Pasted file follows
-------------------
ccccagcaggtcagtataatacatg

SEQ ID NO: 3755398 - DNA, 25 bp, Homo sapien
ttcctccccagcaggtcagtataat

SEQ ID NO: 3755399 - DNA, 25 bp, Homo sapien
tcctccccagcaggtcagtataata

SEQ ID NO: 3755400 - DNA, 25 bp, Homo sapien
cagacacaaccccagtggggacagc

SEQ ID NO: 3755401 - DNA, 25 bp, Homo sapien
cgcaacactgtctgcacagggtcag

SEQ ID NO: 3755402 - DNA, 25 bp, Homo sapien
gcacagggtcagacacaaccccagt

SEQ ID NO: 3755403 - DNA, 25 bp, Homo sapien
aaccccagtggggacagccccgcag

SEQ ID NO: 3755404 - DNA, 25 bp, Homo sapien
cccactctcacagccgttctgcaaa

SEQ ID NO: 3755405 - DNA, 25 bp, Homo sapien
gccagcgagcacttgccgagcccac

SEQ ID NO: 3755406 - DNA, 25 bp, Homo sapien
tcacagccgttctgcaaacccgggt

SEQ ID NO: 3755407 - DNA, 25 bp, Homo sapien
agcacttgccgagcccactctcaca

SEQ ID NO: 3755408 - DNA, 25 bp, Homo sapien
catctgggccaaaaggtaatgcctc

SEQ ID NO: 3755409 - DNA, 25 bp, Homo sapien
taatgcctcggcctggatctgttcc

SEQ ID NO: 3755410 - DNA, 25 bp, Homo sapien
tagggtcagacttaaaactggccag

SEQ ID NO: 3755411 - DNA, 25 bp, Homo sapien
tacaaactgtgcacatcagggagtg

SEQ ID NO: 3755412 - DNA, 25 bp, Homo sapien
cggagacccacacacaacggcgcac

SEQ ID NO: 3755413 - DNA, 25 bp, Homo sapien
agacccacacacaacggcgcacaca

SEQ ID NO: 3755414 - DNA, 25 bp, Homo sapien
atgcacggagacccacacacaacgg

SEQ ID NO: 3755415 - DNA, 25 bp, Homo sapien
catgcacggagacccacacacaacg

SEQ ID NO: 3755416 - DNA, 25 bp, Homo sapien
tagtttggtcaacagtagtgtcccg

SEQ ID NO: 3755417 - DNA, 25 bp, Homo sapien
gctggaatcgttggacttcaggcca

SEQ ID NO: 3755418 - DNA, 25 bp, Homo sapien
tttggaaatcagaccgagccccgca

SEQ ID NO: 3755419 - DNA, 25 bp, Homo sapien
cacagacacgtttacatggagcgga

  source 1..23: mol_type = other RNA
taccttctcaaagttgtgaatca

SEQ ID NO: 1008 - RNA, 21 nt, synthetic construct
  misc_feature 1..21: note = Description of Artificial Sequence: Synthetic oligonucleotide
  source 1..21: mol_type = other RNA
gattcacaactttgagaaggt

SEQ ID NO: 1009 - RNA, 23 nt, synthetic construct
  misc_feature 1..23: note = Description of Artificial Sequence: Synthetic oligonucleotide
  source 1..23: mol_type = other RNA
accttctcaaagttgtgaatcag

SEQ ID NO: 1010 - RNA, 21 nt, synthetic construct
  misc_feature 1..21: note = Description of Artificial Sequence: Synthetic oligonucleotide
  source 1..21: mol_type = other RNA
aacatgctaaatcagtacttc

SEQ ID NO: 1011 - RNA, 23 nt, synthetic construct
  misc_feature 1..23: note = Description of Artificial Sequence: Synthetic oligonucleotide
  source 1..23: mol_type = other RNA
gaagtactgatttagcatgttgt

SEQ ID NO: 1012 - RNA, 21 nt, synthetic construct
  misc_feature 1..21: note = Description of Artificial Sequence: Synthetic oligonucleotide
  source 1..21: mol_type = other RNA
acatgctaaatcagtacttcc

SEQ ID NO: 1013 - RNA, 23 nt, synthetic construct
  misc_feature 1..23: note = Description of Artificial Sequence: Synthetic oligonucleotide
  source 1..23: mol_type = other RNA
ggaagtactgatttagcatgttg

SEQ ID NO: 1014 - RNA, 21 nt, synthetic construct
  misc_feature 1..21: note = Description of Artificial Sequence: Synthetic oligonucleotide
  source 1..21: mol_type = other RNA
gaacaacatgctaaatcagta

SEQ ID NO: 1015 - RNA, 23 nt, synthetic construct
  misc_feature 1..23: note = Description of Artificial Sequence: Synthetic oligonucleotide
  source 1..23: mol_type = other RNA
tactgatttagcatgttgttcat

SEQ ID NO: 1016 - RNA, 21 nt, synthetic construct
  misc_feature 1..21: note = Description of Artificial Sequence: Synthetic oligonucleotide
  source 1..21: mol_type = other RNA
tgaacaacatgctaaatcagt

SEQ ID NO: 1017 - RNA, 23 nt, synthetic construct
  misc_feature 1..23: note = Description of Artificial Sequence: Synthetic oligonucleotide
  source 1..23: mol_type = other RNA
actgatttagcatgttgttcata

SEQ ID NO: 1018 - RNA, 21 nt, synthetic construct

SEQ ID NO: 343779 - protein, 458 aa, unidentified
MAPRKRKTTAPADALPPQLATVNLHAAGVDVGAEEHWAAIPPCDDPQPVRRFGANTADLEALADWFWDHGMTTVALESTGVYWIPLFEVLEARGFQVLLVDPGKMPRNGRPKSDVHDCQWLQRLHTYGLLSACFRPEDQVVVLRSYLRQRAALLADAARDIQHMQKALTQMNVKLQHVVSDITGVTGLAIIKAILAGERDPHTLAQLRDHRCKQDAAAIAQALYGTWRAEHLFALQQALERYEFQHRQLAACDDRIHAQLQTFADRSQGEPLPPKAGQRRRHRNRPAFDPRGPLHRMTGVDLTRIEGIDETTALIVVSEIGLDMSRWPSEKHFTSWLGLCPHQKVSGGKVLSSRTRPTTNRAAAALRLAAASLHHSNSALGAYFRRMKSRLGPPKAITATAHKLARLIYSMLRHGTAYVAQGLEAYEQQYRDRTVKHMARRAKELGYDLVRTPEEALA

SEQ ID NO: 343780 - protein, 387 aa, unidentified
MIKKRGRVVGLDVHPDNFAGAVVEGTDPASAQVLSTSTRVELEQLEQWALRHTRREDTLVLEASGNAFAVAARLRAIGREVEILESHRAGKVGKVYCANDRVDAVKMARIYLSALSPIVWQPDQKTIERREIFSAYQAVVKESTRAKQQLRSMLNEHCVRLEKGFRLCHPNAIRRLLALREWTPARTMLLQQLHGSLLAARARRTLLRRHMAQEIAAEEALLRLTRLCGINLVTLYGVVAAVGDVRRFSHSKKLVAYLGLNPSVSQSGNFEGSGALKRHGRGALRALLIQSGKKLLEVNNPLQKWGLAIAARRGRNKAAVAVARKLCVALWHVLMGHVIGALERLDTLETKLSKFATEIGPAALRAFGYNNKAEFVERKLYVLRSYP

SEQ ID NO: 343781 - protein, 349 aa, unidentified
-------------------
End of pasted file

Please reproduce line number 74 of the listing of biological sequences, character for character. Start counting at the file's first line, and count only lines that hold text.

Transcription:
  source 1..21: mol_type = other RNA